Governor’s Press Release

ANNAPOLIS, MD (September 1, 1999) - Declaring that the tremendous conservation efforts of Marylanders and last week's unusual amounts of rainfall had ended the State's immediate water supply crisis, Governor Parris N. Glendening today lifted the mandatory drought restrictions that he put in place four weeks ago. Acting on the recommendations of his Drought Emergency Coordinating Committee, the Governor determined that the State's water supplies were at minimum sustainable levels, allowing mandatory restrictions to be lifted. However, the Governor reemphasized that the State remained in a drought emergency, and urged Marylanders to continue to voluntarily conserve water.

"Due to the heroic efforts of Marylanders who have worked together over the past four weeks to save water, and thanks to last week's unusual amount of rainfall, we no longer face an immediate water supply crisis," said Governor Glendening. "Last week, the people of Maryland surpassed our greatest expectations and saved an incredible 100 million gallons of water a day. These sacrifices, along with the rainfall, have raised our water supplies enough so that the mandatory restrictions are no longer necessary."

The Governor's actions repeal the mandatory water and open burning restrictions on a statewide basis, effective immediately, with two exceptions. First, in order to guarantee that water supplies remain adequate in the Baltimore area, the Baltimore Regional Water System must continue pulling water from the Susquehanna River while the reservoirs rebuild. Second, open air fires remain banned in the four Western Maryland counties (Allegany, Frederick, Garrett, and Washington).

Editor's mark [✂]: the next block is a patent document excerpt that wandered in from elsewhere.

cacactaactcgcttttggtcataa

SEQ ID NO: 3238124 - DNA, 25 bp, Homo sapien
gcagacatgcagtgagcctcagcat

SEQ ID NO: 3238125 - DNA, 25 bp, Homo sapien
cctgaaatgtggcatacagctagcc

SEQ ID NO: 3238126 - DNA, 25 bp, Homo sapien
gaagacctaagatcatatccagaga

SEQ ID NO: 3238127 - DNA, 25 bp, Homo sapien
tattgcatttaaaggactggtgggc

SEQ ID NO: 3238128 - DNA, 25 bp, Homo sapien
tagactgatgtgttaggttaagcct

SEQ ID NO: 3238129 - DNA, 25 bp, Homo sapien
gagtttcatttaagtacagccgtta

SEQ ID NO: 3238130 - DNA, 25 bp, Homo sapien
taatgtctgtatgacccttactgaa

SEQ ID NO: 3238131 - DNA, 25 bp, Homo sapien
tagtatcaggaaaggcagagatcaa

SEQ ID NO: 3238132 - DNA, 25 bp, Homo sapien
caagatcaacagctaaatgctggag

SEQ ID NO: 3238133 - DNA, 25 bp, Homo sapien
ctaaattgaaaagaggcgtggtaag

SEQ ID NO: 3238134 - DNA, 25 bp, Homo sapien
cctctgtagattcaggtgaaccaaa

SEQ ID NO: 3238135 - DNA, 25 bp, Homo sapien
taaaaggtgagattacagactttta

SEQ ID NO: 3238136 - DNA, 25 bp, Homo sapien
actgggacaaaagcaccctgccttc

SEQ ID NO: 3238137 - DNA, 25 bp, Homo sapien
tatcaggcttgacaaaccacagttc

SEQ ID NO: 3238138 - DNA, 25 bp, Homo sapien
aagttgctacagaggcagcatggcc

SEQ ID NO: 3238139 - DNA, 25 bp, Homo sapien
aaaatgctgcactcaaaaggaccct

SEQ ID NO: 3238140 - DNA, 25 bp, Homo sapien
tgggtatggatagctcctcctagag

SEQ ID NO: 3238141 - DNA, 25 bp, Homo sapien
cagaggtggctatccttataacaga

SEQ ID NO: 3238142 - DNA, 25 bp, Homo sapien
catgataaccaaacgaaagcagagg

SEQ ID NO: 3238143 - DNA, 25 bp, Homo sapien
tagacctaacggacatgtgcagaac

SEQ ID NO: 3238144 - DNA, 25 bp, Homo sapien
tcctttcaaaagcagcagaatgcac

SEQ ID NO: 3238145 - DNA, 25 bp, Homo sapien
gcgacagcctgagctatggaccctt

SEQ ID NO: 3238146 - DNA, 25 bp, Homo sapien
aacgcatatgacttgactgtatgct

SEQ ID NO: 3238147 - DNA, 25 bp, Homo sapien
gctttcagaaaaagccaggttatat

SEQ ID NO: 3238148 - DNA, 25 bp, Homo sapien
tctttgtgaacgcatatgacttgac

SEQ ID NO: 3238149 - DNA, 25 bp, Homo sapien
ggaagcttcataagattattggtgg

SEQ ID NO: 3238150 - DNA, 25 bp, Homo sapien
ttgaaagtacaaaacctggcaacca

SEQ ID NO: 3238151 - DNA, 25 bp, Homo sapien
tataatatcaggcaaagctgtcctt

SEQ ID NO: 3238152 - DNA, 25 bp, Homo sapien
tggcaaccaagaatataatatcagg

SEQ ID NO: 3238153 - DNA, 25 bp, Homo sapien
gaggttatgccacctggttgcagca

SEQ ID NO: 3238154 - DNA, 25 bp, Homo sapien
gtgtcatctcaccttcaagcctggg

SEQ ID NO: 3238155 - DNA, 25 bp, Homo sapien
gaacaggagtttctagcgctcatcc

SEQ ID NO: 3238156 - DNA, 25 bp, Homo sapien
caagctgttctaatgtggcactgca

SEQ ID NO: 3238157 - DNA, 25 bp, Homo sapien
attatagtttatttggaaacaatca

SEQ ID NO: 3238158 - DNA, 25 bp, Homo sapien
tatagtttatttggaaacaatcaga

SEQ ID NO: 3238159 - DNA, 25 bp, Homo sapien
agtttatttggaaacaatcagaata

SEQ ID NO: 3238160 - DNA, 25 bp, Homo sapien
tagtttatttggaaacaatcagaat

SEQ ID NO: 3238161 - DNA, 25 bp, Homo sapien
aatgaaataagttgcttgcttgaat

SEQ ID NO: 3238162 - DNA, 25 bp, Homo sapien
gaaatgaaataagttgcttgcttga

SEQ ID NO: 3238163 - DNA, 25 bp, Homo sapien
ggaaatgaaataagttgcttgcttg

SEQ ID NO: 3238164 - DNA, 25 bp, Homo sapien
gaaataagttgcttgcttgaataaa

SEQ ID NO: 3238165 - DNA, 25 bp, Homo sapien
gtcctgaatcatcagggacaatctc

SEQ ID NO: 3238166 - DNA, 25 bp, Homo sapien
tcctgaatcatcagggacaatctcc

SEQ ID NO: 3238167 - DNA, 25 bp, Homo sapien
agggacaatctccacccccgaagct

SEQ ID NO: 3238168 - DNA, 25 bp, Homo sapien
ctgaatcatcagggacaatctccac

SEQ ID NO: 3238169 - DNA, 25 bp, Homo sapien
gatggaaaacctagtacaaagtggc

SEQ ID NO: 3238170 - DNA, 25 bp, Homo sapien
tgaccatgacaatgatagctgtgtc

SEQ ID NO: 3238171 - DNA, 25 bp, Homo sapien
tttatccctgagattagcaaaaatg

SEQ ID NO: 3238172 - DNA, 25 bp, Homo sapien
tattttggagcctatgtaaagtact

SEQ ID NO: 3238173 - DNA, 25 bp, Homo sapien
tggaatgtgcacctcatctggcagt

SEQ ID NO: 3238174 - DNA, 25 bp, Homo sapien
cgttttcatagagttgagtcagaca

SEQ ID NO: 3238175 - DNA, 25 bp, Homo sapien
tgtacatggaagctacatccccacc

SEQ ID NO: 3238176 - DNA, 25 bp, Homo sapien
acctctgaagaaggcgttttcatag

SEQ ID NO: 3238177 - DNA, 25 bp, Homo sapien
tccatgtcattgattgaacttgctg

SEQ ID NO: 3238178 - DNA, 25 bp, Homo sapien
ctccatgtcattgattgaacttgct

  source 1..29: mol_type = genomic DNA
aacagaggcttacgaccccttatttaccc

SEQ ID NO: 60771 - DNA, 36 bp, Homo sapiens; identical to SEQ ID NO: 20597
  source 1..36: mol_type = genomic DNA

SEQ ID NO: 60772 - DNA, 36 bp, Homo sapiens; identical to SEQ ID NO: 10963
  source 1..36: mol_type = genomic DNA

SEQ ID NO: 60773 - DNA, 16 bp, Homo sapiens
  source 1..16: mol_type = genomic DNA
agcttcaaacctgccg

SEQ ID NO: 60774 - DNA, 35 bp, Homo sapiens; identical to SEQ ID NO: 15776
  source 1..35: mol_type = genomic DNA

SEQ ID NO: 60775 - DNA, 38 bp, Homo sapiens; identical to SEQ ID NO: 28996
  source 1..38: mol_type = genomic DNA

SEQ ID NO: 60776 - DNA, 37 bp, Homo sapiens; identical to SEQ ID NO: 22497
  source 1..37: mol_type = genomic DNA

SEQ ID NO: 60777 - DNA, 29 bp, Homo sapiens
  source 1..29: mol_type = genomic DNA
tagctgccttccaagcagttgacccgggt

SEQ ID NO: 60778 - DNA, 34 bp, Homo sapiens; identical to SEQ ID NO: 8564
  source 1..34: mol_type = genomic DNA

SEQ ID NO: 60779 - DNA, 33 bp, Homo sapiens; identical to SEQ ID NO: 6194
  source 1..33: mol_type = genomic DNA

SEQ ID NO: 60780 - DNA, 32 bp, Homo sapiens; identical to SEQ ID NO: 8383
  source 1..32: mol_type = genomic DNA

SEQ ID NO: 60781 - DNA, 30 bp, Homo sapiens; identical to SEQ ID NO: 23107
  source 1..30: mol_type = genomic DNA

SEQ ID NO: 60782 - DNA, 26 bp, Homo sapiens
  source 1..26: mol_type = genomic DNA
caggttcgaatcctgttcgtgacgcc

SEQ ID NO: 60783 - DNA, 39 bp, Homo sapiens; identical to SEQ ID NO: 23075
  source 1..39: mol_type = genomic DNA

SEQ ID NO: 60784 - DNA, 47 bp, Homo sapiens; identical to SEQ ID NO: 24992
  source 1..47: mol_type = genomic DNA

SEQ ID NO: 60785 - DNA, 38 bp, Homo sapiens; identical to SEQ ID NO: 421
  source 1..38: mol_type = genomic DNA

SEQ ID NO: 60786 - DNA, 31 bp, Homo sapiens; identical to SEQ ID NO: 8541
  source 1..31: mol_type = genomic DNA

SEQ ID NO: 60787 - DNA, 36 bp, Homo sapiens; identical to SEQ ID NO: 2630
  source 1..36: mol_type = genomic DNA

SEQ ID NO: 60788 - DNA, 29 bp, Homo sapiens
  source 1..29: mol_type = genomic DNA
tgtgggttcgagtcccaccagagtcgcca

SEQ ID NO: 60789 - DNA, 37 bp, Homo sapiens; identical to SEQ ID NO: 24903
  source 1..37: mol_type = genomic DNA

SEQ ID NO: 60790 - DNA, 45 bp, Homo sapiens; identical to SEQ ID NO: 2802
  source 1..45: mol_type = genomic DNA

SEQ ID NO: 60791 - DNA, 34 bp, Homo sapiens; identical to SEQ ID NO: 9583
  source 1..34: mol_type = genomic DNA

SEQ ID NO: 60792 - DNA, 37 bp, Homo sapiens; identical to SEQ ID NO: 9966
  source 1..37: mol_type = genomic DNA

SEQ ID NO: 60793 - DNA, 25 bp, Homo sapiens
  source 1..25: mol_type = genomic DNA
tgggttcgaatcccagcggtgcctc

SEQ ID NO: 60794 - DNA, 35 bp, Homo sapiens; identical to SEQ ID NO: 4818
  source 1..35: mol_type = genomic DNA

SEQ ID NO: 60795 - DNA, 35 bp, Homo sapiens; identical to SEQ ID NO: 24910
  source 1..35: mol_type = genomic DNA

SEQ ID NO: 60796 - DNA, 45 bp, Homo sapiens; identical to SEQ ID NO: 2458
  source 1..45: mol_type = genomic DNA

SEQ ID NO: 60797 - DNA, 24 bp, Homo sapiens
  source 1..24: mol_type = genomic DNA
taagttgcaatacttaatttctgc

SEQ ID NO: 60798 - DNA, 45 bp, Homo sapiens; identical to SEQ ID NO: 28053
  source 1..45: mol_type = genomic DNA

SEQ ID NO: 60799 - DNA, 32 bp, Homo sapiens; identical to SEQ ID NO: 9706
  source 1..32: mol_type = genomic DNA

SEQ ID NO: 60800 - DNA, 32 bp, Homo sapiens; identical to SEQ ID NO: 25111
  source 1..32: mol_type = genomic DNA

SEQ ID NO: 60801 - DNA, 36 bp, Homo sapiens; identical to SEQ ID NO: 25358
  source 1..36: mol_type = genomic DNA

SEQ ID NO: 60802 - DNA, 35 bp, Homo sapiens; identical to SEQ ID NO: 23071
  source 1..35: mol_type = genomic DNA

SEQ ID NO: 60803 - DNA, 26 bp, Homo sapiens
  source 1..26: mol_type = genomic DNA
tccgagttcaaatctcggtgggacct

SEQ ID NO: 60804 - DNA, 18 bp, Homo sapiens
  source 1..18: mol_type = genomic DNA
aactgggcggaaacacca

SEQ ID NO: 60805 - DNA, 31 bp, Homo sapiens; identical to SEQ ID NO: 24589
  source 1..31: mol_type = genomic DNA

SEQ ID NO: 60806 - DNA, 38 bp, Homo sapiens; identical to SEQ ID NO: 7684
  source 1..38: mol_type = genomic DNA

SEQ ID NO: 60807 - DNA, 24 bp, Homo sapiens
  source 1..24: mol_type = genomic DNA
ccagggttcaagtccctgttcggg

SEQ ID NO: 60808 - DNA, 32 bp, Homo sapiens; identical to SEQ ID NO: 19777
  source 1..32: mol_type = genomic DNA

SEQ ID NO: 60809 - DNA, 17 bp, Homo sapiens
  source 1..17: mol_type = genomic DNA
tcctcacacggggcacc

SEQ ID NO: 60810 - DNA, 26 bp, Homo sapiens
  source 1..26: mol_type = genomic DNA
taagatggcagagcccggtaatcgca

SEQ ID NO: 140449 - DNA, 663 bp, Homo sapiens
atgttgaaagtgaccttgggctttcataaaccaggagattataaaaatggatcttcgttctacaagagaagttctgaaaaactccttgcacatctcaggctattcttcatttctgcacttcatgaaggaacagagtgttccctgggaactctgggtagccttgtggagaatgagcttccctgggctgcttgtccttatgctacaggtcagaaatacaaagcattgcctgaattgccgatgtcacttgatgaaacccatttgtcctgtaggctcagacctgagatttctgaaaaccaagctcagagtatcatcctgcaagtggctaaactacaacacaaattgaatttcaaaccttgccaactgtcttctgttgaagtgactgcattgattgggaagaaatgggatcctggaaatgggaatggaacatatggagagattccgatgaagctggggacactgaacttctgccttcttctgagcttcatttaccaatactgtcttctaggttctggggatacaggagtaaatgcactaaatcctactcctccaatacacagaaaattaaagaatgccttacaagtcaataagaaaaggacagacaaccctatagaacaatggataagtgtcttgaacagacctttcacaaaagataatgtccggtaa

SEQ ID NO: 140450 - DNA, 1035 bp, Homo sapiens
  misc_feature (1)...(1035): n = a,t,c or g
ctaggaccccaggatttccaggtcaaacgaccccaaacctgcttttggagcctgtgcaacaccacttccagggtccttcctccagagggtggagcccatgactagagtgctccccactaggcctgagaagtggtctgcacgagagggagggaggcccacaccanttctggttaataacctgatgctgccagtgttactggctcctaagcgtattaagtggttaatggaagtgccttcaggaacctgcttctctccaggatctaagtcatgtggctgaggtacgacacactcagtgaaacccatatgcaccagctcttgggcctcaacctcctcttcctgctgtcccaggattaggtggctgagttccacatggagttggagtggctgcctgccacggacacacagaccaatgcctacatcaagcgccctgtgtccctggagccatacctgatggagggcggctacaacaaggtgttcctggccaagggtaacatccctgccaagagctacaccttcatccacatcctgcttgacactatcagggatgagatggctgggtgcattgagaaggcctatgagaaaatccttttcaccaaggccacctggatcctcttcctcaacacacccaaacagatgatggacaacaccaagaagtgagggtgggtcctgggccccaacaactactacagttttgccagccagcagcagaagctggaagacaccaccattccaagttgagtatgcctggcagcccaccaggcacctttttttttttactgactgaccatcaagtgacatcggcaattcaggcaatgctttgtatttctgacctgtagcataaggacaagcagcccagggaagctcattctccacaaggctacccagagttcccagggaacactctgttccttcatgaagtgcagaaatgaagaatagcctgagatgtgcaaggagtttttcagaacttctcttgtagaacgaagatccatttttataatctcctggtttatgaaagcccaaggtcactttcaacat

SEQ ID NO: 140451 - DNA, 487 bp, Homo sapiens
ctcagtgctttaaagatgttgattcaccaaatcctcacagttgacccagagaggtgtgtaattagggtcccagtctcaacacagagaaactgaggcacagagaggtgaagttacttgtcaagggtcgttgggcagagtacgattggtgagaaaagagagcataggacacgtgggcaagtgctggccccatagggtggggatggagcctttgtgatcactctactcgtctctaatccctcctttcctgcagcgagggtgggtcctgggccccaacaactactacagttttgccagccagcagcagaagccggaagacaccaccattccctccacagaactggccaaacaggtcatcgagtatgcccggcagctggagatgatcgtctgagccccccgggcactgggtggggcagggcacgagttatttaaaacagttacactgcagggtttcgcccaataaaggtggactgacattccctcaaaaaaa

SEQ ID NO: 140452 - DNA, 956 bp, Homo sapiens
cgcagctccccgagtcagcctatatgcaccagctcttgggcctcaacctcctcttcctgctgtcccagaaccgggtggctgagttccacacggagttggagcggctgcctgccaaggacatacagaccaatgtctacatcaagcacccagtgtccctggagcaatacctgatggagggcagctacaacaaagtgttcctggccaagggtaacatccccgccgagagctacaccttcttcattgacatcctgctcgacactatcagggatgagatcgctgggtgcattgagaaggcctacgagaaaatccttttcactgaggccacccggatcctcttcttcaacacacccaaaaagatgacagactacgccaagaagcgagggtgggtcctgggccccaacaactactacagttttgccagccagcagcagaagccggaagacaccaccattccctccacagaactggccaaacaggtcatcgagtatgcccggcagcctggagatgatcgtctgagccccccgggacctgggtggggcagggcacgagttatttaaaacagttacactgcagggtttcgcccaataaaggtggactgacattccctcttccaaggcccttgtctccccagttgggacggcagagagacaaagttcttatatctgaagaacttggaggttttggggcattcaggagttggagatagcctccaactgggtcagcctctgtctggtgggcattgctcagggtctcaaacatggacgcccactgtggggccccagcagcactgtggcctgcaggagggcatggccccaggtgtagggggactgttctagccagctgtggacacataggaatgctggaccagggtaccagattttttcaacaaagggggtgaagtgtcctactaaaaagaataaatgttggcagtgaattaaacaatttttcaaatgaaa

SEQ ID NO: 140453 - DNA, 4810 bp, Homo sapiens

The Governor lifted the restrictions today after receiving recommendations from his Drought Emergency Coordinating Committee. The Committee met earlier today to study the latest conservation and water supply figures and consider whether the State's water levels had risen enough to warrant lifting the mandatory restrictions. Last week's drought figures showed that the rainfall cut the overall deficit by 2 inches and raised stream flows and water supplies throughout the State. In addition, Marylanders responded to the restrictions by cutting their water usage by 16%.

The Drought Committee and the Governor concluded that the State's major water systems have now reached capacities that will sustain a 120-day supply of water, even through the dry autumn months. However, the Governor also stated that some smaller water systems, such as Westminster, that do not have 120 days of sustainable capacity may need to impose their own local restrictions on water usage.

"Although we are no longer in an immediate crisis, Maryland remains in a drought emergency," the Governor said. "I ask Marylanders to continue their extraordinary efforts by voluntarily conserving water, and making water conservation a daily part of their lives."

The Drought Committee will continue to monitor Maryland's water systems throughout the year to make sure that their capacities remain at a safe and manageable level.